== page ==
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Quick Health Check for Women Over 40

Marta Saj, M.D.
Ob/Gyn with Rush-Copley Medical Group

Q: I am a woman turning 40 this year. What health concerns, like menopause, do I have to worry about as I enter into mid-life?

A: Many women think they are immortal before their 40th birthday. Then one day it hits you. You're aging.

No matter how young you look or feel, the reality is that every woman entering her 40s or 50s faces a new set of health concerns. In addition to the anxiety women have about entering menopause, they also have an increased risk for a number of chronic diseases including cervical and breast cancer, osteoporosis, heart disease and diabetes.

The good news is that you can take some control of aging. While eating right and exercising are an important part of wellness, getting an annual physical by a general practitioner or gynecologist is essential to maintaining good health. Screenings performed by a physician can help early detection of many health issues.

Screenings that women should have conducted after 40 include the following:

Cancer: Mammography plays a central part in early detection of breast cancers because it can show changes in the breast up to two years before a patient or physician can feel them. Research has shown that annual mammograms lead to early detection of breast cancers, when they are most curable. Women should have their first mammogram at age 40, or earlier if there is a family history of breast cancer. This test should be performed annually.

Pap Smear: This test checks cells collected from the cervix for cancer or pre-cancerous changes. Pap smears should be repeated once a year if they're normal, and more often if they are abnormal. Even women who no longer have a uterus benefit from what is known as a vaginal cuff smear because cells lining the area have been known to change. Women who are no longer sexually active are still susceptible to cervical cancer. Talk to your physician about how often you should be screened.

Osteoporosis: Bone Mineral Density Test: Women comprise 80 percent of the population suffering from osteoporosis. They reach their peak bone mass between ages 25 and 30. After this time, bones begin to decline in size and density. During menopause women lose bone mass at a faster rate due to drops in their natural estrogen level. A woman should have a bone mineral density test performed when she reaches menopause.

Heart Disease and Hypertension: Cholesterol levels can indicate your risk for heart disease or a stroke. Cholesterol should be checked at least every five years or per your doctor's recommendation. There are no symptoms associated with having high cholesterol so many people are unaware that their cholesterol levels are too high. Lowering your cholesterol decreases your risk for developing heart disease.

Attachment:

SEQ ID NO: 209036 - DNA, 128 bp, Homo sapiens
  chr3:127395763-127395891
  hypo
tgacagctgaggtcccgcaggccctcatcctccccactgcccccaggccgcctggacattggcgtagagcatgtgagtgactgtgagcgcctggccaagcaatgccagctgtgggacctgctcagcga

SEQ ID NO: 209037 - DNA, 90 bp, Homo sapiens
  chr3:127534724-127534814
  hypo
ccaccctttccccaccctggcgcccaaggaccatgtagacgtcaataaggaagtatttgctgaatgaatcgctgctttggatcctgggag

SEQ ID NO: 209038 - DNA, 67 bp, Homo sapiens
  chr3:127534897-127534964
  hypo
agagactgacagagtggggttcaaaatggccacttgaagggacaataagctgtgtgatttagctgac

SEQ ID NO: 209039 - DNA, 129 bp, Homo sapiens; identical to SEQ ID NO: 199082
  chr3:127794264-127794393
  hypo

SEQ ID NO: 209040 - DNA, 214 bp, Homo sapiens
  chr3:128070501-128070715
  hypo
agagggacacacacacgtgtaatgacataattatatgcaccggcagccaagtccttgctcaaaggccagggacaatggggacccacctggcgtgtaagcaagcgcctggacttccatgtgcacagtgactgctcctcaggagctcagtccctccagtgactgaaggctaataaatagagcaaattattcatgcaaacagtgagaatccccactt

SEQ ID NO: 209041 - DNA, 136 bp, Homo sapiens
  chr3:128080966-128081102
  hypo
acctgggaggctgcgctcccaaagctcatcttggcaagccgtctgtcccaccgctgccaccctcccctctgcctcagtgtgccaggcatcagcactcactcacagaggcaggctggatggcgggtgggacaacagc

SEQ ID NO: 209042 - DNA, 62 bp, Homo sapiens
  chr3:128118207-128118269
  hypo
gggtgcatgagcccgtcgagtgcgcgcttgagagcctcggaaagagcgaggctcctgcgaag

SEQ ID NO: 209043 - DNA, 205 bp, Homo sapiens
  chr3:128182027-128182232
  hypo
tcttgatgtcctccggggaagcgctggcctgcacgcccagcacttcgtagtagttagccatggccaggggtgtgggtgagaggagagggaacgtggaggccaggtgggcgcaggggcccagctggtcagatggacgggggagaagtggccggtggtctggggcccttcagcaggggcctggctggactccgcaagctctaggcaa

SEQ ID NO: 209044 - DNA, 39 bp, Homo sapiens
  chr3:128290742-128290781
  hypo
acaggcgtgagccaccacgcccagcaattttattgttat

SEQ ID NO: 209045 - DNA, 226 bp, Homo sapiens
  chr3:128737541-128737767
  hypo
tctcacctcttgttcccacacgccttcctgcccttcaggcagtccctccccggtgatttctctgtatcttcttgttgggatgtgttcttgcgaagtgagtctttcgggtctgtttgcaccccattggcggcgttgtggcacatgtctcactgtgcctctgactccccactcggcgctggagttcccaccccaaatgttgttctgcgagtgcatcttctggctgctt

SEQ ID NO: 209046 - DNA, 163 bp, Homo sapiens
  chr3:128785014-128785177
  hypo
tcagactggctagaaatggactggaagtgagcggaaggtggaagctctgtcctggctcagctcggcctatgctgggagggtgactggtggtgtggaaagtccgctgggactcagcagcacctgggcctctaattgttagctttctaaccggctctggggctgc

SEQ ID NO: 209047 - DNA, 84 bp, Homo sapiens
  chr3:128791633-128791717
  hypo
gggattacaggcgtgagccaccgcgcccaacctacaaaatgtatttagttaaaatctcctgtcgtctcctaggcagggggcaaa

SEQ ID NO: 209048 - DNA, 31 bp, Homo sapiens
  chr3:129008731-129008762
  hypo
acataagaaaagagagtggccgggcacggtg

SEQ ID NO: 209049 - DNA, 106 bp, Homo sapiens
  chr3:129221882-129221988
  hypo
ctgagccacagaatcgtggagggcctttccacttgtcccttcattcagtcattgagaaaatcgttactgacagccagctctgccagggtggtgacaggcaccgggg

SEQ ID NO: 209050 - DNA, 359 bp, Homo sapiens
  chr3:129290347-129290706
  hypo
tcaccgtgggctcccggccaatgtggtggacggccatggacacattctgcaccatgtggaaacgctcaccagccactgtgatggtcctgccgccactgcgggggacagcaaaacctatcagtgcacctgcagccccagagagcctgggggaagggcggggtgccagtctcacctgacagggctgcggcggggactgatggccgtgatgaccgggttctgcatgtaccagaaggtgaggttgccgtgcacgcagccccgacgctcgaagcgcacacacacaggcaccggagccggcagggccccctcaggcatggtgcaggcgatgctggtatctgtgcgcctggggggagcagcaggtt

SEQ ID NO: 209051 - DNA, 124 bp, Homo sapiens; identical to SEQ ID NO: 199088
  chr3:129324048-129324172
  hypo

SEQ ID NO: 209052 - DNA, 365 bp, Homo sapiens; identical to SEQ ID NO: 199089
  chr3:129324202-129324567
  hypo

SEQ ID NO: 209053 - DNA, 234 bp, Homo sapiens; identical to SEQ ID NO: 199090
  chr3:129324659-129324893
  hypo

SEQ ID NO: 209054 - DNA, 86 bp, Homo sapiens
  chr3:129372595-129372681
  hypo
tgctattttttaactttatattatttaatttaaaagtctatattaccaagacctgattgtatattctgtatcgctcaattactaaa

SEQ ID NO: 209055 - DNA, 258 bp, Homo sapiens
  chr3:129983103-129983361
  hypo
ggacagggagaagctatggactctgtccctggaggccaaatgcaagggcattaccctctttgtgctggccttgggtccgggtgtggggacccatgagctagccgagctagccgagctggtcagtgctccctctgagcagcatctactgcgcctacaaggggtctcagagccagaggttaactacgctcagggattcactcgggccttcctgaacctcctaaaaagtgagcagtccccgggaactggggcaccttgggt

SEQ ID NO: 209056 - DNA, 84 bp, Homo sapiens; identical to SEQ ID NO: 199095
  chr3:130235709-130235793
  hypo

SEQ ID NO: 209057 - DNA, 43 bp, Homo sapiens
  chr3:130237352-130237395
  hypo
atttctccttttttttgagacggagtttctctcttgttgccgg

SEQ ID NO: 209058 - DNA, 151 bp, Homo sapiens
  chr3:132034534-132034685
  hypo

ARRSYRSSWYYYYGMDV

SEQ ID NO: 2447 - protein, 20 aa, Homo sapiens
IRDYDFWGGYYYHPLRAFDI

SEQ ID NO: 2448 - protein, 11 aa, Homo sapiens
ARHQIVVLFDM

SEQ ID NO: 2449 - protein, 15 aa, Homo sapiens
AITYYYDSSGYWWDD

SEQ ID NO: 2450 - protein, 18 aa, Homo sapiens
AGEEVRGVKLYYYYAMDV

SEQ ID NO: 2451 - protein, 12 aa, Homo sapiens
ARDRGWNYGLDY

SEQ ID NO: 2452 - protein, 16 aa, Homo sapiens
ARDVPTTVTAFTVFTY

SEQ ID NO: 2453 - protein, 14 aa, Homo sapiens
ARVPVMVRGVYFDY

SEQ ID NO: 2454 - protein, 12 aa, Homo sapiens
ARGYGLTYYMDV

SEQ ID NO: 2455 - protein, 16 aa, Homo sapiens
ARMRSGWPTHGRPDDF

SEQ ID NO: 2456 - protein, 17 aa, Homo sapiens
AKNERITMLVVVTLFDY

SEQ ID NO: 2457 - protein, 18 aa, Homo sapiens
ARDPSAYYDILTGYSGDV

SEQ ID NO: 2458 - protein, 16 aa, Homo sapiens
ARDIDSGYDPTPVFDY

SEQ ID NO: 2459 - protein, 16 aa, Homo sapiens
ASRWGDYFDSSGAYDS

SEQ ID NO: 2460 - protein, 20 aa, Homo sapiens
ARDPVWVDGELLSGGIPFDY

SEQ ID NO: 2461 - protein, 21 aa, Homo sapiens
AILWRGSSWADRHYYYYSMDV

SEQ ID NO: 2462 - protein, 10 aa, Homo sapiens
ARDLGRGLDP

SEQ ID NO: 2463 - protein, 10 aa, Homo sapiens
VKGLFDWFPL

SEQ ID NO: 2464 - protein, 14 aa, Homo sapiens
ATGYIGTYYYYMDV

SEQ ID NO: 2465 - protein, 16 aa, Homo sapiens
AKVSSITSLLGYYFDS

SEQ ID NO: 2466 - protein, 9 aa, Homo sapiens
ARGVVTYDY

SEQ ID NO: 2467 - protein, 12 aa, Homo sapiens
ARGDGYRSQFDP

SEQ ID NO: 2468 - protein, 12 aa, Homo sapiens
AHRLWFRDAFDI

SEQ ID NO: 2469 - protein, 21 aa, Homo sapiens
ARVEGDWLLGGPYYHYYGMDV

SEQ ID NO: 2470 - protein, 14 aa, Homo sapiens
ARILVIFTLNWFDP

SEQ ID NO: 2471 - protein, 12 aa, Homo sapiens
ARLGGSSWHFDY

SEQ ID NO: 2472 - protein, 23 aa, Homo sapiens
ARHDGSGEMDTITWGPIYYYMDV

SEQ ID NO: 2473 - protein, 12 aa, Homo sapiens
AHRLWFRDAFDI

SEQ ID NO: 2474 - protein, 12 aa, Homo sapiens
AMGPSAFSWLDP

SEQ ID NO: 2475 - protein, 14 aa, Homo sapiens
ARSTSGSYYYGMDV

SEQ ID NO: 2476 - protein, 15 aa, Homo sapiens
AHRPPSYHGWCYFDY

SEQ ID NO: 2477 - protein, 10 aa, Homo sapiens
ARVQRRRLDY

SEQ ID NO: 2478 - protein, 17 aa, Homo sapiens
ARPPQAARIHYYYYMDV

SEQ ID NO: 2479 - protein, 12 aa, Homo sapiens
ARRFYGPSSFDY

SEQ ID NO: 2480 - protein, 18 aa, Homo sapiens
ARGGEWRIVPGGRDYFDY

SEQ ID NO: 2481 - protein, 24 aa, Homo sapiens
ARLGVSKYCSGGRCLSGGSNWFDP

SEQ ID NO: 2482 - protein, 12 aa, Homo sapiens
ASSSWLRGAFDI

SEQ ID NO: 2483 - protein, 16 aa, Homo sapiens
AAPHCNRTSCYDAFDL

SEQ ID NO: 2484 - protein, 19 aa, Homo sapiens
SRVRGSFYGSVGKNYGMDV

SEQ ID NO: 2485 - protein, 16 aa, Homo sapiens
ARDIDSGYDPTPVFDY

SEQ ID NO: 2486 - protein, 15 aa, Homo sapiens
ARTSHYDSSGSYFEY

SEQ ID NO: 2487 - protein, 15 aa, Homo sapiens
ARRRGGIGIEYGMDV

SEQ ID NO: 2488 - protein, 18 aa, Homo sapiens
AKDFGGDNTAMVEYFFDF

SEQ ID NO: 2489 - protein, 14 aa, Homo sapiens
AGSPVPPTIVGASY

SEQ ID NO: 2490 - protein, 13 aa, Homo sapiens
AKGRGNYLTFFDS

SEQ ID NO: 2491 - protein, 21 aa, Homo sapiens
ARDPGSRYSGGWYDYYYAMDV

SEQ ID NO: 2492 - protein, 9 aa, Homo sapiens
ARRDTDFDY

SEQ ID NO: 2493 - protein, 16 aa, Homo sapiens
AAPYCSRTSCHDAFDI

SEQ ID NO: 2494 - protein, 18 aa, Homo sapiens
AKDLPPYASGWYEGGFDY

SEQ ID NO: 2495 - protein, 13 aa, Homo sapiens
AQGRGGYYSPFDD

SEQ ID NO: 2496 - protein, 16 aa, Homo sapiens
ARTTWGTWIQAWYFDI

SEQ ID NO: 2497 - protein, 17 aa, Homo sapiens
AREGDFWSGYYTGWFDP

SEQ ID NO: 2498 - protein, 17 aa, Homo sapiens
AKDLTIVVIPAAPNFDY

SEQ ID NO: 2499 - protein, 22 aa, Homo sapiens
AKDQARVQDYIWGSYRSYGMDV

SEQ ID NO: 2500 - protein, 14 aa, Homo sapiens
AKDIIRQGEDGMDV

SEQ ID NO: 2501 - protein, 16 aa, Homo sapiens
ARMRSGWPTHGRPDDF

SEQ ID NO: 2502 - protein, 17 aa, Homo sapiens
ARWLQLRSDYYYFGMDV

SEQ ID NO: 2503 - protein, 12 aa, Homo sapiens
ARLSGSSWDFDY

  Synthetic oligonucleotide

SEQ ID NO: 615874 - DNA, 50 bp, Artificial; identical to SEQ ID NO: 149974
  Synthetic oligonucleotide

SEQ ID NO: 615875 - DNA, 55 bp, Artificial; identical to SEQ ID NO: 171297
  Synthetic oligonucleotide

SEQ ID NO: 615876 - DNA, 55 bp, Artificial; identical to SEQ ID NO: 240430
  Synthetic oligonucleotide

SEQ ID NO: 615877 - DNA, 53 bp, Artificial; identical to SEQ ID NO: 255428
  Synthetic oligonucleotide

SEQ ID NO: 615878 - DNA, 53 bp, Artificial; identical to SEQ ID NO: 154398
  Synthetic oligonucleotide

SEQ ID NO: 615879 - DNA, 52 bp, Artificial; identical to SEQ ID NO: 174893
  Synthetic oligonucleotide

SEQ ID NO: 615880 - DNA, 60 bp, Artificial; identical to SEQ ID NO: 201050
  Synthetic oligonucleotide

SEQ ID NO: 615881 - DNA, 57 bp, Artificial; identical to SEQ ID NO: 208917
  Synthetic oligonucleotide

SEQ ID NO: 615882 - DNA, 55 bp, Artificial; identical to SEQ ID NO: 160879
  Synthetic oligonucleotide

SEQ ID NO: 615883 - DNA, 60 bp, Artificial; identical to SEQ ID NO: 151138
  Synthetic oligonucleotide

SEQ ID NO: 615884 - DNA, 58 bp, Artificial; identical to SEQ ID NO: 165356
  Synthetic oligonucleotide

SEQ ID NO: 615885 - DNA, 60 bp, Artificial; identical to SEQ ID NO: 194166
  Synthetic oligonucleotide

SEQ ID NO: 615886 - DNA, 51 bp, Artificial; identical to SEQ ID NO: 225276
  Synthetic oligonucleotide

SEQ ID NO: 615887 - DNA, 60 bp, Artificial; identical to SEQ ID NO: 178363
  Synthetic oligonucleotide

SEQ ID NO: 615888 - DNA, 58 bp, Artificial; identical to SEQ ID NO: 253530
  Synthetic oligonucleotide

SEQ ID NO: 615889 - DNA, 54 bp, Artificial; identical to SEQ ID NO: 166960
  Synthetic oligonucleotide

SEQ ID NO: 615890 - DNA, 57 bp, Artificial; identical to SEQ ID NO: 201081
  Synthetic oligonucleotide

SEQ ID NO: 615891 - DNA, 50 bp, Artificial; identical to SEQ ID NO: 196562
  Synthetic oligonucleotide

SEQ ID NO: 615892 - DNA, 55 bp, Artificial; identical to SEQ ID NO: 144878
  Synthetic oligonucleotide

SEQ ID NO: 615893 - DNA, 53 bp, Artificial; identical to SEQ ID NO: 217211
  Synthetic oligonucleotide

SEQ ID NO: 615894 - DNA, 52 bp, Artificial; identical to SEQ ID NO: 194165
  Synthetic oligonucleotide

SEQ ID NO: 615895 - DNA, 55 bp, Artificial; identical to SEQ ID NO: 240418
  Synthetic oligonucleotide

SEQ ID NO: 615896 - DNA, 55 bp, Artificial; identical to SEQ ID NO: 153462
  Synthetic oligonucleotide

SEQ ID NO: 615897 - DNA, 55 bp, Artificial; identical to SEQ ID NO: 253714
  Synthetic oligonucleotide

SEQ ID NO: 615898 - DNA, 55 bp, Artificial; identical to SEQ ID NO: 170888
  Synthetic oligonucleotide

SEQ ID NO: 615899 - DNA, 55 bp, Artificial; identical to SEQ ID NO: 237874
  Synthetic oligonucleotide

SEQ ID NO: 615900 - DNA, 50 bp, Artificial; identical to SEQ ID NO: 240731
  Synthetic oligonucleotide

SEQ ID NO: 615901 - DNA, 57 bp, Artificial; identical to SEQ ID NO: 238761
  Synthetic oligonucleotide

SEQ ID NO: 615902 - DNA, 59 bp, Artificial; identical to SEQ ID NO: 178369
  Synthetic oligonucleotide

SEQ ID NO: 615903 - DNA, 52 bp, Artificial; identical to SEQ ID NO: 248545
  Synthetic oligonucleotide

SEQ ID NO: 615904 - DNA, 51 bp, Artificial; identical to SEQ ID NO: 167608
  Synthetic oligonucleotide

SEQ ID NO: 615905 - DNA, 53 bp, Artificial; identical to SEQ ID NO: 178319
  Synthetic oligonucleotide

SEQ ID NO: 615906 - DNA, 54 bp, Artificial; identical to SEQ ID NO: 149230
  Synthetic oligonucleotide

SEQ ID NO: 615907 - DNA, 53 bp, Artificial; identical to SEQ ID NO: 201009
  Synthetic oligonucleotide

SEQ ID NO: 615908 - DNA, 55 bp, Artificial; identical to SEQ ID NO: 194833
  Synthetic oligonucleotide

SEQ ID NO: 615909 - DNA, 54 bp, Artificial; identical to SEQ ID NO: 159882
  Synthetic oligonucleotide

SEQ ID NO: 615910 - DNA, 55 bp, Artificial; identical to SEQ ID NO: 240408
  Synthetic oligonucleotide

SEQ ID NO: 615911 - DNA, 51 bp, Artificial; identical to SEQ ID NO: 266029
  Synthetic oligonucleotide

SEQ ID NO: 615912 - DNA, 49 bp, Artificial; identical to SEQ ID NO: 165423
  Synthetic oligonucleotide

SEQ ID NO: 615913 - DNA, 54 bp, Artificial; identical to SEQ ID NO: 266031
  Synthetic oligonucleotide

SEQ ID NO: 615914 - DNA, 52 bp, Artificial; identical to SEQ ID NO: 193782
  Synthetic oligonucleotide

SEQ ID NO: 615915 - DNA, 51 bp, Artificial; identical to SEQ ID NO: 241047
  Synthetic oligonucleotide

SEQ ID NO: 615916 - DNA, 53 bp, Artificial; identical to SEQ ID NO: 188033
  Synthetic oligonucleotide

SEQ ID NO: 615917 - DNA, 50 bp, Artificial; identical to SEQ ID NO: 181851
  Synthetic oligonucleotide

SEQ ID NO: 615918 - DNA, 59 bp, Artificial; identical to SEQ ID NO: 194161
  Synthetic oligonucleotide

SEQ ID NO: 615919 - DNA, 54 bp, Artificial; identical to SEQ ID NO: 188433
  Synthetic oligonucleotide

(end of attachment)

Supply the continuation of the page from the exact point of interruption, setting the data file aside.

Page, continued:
To assess your cholesterol level, a blood test called a lipoprotein profile is performed and evaluates your LDL (low density lipoprotein cholesterol, also called "bad" cholesterol), HDL (high density lipoprotein cholesterol, also called "good" cholesterol), Triglycerides and total cholesterol level.

Blood Pressure Test: Blood pressure should be checked every two years if it is normal and every year if prehypertensive.

Diabetes: Blood Glucose Test: According to the American Diabetes Association, more than nine million women aged 20 years or older have diabetes although nearly one third of them do not know it. Diabetes needs to be closely monitored so it is important to get yourself checked. In this test, glucose levels can indicate whether you have or are at risk for diabetes.

The "M" Word: Menopause is a natural and expected part of a woman's development and does not need to be prevented. However, there are ways to reduce or eliminate some of the symptoms such as hot flashes or vaginal dryness that accompany menopause.

One big concern I hear from women who are pre-menopausal is the decision whether or not to take hormones to relieve these symptoms. There are many steps women can take to reduce symptoms of menopause without taking hormones.

  • Practice slow, deep breathing whenever a hot flash hits you
  • Dress in light fabrics and in layers
  • Avoid caffeine, alcohol and spicy foods
  • Use relaxation techniques like yoga or meditation
  • Perform Kegel exercises daily to strengthen the muscles of your vagina and pelvis

There are also some medications available to help with mood swings, hot flashes and other symptoms. As with any medication you take, it is important to discuss these decisions with your physician.

Remember that even though you need to monitor some new health concerns in your 40's, you should celebrate your health at any age.

Request an Appointment with Dr. Saj.